Burns Night

As I mentioned in my last blog post, on Friday night we celebrated Burns Night. This is a celebration of the life of Scottish poet and lyricist, Robert Burns. The Evans version of this celebration is as traditional as possible. We get most of the village round dressed in true Scottish attire, armed and ready for a night of poetry, food, dancing, whiskey and speeches.

So here are your hosts for the evening; my parents:

My Dad just cannot pose for the camera. At all.

The evening has a traditional running order which we tend to stick to. We all gather round in the dining room for the initial "opening ceremony".

First up; the introduction from the chairman and host, otherwise known as my Dad. He introduces each of the guests with a comical quip and outlines the evenings events then welcomes up the next speaker to read the Selkirk Grace. This is a prayer read by our friend Janet before the evening begins as a tribute to Robert Burns.

"Some hae meat and canna eat
And some wad eat that want it.
But we hae meat and we can eat
and sae the Lord be thankit."

See. I told you. We take this evening rather seriously. Up next, we welcome the "star attraction" of the evening. This is of course, a haggis. What else? Our friend Rick delivers the Address to the Haggis, quite a long poem but I'll share with you the opening paragraph:

"Fair fa' your honest sonsie face,
 Great chieftain o' the puddin'-race!
Aboon them a' ye tak your place
Painch, tripe, or thaim:
Weel are ye wordy of a grace
As lang's my arm."

After the whole poem it is down to Rick to tear open the haggis and show us what we'll all be munching for our Burns Supper! I don't care what you've heard about haggis - it is to die for. Absolutely gorgeous! Just don't think about what it really is and you'll be fine. 

A toast to the haggis, taken with a wee dram of whiskey:

And after that, it's supper time! Burns Supper includes all sorts of foods but the mains and most favourites have to be the haggis, neeps and tatties served with whiskey sauce. Ohhhhh. You haven't lived until you've tried it. Our friends Scott and Teresa certainly enjoyed it anyway:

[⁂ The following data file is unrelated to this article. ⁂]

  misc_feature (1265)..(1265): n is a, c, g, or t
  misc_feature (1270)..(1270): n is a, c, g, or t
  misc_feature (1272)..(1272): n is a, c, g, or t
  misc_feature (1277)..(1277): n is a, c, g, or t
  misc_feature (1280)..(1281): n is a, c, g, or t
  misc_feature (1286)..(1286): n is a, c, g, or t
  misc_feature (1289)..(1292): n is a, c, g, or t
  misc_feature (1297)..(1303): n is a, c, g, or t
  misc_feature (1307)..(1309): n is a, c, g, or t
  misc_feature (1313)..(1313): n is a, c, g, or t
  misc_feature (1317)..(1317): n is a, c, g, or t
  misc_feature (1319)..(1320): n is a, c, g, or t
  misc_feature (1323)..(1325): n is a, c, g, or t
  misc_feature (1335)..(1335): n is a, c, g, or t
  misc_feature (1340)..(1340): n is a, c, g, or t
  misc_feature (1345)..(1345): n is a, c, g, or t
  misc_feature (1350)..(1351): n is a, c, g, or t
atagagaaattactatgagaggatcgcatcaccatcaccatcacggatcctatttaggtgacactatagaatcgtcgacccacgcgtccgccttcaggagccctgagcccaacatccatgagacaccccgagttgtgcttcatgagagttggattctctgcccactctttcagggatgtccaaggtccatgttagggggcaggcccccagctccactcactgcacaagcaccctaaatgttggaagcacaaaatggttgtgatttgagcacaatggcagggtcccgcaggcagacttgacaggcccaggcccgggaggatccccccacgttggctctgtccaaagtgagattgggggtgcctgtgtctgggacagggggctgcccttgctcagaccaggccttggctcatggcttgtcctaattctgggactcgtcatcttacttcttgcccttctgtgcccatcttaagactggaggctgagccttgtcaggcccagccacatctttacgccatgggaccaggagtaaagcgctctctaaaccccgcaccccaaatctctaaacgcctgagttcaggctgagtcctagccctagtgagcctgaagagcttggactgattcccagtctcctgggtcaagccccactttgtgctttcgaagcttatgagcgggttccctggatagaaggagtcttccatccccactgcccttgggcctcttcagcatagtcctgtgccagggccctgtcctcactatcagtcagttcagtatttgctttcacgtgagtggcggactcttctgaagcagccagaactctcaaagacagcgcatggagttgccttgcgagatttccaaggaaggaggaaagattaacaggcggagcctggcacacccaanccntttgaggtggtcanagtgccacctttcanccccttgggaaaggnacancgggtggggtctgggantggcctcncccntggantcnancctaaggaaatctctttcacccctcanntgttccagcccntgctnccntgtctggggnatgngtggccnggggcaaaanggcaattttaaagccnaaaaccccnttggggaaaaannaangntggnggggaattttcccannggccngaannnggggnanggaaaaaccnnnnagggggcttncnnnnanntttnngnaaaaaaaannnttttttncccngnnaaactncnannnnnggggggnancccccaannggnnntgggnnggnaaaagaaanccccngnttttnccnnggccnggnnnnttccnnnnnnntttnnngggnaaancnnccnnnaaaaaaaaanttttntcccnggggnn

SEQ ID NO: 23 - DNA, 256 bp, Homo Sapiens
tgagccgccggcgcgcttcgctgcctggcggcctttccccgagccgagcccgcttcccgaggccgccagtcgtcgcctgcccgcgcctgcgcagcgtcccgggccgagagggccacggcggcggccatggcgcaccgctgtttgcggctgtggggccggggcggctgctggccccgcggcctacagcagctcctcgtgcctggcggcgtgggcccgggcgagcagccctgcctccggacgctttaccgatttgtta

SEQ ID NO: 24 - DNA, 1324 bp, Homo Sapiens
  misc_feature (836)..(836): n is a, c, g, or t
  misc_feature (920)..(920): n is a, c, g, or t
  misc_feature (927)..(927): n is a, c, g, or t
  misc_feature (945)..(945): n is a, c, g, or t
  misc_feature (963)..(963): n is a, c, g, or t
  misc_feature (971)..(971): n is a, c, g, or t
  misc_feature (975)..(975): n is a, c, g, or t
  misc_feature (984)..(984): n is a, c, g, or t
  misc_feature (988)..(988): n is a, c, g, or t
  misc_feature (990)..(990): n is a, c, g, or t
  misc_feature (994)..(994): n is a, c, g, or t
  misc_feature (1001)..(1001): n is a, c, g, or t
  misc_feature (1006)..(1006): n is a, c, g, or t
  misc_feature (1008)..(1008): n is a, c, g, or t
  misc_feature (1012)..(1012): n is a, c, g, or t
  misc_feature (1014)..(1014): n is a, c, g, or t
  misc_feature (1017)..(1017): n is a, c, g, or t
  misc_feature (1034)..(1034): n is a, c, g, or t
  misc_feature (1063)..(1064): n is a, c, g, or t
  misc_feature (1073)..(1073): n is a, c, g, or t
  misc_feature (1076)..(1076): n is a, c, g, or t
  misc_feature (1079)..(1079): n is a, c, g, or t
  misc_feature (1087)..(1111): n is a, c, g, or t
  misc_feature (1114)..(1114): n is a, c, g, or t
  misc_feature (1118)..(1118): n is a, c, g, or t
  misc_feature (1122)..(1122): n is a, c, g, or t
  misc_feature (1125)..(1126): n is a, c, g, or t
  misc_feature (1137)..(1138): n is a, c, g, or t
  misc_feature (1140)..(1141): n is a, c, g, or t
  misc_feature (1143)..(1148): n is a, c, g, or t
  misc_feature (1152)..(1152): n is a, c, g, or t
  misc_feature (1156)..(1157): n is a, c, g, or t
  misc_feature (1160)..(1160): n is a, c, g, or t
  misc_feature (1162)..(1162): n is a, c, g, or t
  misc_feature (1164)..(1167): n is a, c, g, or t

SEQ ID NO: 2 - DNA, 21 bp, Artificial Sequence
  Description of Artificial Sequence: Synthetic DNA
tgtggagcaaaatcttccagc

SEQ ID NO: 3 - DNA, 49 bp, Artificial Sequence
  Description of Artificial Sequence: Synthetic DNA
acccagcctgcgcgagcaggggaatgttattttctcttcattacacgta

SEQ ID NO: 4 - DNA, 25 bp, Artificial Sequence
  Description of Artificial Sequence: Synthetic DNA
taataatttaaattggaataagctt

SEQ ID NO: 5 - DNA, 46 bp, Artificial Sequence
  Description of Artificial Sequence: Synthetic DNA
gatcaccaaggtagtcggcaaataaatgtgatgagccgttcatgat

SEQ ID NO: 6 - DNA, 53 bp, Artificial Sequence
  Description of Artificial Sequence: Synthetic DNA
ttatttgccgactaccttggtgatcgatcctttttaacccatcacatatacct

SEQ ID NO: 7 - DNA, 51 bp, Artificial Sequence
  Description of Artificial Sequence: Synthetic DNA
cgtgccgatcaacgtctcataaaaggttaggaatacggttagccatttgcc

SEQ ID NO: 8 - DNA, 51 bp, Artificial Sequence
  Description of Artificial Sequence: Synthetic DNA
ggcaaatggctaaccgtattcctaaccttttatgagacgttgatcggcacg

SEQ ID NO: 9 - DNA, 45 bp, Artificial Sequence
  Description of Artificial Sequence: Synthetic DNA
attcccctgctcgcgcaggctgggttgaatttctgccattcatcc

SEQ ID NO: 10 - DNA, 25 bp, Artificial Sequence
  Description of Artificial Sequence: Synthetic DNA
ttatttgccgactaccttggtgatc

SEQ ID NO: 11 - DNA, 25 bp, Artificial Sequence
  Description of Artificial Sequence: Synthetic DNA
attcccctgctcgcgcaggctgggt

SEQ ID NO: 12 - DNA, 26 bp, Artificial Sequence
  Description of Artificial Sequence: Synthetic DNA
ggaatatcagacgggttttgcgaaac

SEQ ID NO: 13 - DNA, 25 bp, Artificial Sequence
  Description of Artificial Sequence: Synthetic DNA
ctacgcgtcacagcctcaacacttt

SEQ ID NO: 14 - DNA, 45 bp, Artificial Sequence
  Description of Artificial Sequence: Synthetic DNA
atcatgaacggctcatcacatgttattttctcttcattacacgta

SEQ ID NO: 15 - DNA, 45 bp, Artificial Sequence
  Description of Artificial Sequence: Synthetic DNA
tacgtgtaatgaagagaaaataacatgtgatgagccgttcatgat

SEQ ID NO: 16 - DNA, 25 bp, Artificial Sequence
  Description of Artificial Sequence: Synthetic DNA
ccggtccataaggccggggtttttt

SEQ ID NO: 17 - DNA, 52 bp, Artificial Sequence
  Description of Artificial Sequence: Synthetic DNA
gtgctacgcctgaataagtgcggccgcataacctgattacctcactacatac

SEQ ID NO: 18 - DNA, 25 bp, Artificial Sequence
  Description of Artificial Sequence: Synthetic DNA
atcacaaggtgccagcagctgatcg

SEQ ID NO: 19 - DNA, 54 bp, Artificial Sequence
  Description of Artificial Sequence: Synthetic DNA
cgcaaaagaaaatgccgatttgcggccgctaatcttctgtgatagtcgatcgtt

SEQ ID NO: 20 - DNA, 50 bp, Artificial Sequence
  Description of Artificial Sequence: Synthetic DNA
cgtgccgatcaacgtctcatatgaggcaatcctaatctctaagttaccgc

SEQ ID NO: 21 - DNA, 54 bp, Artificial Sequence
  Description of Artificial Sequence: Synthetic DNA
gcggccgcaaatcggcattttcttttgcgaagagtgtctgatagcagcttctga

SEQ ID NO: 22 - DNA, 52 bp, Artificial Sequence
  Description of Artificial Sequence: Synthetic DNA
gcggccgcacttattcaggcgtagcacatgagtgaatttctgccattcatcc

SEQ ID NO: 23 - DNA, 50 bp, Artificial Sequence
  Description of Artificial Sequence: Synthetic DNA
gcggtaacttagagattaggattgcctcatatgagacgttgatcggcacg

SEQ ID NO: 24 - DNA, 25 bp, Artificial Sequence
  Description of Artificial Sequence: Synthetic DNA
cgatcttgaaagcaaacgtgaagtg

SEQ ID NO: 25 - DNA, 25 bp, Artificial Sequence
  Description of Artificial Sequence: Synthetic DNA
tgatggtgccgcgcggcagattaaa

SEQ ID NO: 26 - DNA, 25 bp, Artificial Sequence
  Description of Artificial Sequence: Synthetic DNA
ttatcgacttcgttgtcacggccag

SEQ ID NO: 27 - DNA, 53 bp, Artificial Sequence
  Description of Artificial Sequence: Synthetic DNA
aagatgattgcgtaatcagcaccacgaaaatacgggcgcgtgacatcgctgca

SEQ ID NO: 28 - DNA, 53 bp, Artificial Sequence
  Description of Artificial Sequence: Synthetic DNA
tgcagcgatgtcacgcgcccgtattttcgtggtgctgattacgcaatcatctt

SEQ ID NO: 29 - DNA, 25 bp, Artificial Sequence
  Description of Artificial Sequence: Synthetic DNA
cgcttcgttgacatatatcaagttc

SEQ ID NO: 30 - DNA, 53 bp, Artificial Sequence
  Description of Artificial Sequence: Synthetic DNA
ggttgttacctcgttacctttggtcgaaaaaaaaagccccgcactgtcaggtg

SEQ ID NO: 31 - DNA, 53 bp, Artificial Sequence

After stuffing our faces with plate after plate (after plate, after plate) of Scottish delicacies, we move on to the entertainment for the evening. Songs, speeches, and a rather rude poem called Holy Willie's Prayer read by all the lassies in attendance. To say we were all blushing by the end of it was an understatement.

As well as Holy Willie's Prayer we had Braw Lads O' Galla Water, The Immortal Memory, John Barleycorn Must Die and Robert Bruce's March to Bannockburn. A whole host of traditional Burns poetry read by our nearest and dearest. I love how the whole village gets involved and really make an effort for this. It makes the whole evening worthwhile and something great to be a part of. I love, love, love it.

Following all of this madness we hear the individual toasts to the laddies, and the reply from the lassies. This year we had these poems delivered by our good friends Bub and Sandra. The poems are special in that they are written to be individual to the guests at the party, with each man/woman (or lad/lassie) having a wee bit about them mentioned.

Then after that, it's party time. Time to dance and time to ceilidh. We had all the Scottish classic country dances, along with some unforgettable Bay City Rollers tunes - and the not so classic but ever welcome Gangnam Style, it just wouldn't be Burns Night without it?!

And the only way to finish off a truly Scottish evening - Auld Lang Syne:

"Should auld acquaintance be forgot,
And never brought to mind?
Should all acquaintance be forgot,
For auld lang syne!

For auld lang syne, my jo,
For auld lang syne, 
We'll tak a cup of kindness yet,
For auld lang syne."

There you have it. You might think we're a bit mad, you'd probably be right. This is now an Evans tradition that we do every year - when all the Christmas and New Year celebrations are over and done with I think everyone needs a good old knees up at the end of January to look forward to! Since Friday night I have had a few people asking what a Burns Night actually entails - so I hope this provides a snippet of our evening and lets you in to our spectacularly random, endlessly hysterical evening of Scottish delights.


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